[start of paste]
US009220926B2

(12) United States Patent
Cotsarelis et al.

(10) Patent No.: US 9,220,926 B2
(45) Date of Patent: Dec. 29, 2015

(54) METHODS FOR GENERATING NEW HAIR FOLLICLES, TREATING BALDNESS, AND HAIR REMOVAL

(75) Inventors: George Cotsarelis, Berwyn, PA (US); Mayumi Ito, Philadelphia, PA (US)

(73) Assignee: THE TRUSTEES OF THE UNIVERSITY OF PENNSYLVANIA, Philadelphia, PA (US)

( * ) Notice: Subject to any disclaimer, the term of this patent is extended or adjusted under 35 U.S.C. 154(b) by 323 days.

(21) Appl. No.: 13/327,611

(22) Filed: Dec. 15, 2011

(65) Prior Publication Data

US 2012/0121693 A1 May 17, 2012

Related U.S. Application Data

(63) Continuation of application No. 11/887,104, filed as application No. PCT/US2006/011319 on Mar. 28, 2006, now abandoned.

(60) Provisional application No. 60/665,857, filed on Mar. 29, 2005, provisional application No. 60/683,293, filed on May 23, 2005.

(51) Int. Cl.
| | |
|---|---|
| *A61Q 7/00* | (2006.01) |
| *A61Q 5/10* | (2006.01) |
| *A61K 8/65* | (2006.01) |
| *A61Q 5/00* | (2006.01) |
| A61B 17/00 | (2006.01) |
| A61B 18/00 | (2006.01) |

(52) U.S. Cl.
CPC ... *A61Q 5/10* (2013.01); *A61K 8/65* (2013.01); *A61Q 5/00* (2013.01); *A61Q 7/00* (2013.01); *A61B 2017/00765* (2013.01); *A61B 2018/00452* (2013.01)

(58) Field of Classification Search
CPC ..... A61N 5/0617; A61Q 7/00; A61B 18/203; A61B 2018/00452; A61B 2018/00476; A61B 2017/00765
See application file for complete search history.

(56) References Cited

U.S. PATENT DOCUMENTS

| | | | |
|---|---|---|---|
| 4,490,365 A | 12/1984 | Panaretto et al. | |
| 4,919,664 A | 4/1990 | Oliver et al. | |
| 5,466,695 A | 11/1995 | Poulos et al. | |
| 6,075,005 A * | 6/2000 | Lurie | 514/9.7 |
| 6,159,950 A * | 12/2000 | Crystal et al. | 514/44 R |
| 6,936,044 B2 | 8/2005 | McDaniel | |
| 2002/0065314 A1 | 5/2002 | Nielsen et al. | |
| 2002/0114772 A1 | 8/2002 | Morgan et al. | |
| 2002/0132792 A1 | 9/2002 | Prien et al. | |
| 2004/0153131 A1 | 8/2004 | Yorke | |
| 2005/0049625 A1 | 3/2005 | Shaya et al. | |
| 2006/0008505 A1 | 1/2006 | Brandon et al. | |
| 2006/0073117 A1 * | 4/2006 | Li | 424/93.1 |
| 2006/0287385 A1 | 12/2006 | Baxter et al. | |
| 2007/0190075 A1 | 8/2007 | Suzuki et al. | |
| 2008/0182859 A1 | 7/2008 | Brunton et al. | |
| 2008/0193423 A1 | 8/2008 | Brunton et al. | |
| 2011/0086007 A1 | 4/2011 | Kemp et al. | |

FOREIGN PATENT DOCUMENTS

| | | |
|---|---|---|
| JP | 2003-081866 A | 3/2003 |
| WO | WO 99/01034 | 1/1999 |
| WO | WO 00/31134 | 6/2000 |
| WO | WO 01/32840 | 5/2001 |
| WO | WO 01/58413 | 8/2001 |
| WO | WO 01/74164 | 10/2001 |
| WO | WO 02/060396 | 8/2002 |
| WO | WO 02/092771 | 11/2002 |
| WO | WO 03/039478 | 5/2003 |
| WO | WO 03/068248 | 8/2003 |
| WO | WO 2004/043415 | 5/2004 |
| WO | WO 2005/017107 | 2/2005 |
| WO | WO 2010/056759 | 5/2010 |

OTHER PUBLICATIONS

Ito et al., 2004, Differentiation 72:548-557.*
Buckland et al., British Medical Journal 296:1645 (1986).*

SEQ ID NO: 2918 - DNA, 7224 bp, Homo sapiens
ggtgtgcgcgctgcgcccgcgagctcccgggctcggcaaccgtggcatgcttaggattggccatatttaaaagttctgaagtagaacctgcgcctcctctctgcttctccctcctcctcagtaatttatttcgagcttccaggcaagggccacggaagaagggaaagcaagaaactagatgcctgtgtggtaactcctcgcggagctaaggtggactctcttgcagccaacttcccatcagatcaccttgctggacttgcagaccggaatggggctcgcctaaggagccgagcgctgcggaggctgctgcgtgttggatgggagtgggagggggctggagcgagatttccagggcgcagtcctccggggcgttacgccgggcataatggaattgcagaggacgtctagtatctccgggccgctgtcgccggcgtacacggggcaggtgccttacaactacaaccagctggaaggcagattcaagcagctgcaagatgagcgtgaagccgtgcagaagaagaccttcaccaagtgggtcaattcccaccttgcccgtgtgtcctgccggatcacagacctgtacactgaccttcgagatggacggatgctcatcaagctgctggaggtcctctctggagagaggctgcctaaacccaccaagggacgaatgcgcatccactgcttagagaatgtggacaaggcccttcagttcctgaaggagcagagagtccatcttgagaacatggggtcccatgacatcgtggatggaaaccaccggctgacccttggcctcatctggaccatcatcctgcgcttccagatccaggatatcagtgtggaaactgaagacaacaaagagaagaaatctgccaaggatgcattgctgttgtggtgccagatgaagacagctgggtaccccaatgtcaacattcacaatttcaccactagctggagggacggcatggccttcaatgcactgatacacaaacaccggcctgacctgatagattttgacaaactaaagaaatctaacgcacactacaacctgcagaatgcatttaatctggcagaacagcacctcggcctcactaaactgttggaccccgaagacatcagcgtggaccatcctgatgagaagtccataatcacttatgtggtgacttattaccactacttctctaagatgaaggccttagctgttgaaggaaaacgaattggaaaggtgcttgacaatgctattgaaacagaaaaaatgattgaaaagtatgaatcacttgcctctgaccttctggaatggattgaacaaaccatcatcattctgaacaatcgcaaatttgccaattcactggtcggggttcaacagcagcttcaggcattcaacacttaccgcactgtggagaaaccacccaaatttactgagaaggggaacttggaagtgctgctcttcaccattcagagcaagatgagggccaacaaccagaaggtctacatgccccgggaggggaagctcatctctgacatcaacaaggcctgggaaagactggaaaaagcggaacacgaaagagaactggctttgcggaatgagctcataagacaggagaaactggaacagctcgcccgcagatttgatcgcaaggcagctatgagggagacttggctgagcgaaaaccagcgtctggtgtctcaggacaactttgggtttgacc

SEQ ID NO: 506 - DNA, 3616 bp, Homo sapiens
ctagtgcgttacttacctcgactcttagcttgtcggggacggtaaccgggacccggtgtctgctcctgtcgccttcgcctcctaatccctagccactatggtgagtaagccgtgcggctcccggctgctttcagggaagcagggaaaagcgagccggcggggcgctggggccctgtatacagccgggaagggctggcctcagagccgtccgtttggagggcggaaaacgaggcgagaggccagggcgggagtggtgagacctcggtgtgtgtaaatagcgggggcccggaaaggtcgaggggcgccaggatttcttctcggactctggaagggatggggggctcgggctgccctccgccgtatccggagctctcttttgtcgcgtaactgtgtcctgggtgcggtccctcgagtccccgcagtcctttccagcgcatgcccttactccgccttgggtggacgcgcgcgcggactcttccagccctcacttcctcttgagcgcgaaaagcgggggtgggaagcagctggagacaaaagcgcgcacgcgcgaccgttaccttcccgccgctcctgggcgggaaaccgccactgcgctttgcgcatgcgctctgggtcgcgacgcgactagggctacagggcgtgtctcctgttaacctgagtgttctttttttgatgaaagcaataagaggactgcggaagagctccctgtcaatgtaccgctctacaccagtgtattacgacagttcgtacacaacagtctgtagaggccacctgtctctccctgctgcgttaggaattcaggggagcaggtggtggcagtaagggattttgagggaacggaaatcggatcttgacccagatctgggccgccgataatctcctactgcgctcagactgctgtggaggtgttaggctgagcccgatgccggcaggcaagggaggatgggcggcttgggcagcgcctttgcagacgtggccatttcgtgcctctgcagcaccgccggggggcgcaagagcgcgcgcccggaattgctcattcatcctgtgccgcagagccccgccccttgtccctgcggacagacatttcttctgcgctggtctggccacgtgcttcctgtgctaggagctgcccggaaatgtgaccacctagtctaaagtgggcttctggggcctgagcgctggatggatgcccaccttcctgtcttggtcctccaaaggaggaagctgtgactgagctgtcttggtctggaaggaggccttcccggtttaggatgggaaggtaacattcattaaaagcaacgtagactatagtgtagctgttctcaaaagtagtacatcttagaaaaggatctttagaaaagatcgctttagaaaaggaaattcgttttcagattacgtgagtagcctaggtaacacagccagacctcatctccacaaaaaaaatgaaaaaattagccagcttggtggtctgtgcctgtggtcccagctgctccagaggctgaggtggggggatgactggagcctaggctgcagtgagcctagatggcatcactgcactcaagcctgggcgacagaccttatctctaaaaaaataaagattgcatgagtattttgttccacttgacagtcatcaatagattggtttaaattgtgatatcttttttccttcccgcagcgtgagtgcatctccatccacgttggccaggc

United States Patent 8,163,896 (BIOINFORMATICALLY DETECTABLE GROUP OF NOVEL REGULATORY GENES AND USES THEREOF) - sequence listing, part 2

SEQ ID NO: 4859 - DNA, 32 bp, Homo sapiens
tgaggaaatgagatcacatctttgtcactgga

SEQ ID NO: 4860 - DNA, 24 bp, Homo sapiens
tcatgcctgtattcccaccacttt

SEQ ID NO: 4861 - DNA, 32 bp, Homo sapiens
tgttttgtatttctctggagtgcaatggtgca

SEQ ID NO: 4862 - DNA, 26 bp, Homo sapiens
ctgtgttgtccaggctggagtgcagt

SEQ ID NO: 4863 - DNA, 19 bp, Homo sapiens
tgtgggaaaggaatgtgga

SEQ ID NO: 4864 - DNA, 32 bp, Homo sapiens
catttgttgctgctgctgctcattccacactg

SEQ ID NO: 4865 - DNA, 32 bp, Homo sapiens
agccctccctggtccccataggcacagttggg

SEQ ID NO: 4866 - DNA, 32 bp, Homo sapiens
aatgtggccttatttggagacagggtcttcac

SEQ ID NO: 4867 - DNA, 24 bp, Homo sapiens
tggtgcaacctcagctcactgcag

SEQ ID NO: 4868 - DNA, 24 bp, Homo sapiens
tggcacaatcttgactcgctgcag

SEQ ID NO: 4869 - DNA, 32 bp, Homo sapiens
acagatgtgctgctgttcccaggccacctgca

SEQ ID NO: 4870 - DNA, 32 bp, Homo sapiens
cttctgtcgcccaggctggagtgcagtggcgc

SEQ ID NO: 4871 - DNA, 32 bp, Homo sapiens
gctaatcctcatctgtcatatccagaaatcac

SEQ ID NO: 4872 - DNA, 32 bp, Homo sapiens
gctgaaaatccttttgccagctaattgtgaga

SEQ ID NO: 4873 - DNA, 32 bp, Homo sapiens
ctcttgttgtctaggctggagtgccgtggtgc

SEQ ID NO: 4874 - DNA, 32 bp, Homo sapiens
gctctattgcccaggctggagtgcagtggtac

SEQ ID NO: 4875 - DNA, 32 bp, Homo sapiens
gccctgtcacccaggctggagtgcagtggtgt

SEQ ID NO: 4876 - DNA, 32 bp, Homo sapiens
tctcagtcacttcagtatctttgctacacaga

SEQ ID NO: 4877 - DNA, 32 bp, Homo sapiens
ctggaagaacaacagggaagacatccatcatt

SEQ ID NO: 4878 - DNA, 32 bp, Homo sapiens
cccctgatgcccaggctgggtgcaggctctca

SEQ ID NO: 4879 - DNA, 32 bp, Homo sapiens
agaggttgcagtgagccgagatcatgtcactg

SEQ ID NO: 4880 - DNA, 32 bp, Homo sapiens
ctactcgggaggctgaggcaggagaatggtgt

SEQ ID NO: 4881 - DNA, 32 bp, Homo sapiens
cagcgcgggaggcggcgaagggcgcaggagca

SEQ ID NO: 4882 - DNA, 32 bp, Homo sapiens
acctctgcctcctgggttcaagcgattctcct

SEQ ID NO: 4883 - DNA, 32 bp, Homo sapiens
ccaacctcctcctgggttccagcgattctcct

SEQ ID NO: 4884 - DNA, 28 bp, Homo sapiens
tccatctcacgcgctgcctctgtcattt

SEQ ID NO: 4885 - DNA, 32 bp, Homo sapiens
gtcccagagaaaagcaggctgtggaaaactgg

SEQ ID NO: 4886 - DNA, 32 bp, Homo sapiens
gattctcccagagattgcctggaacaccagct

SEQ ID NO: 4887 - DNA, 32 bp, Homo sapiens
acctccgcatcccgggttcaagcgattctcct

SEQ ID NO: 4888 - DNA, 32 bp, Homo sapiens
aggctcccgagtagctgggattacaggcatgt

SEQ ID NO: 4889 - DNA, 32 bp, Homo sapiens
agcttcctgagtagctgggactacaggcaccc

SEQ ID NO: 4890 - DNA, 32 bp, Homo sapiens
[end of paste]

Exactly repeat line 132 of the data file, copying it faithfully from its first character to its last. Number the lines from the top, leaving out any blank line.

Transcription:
gattctcccagagattgcctggaacaccagct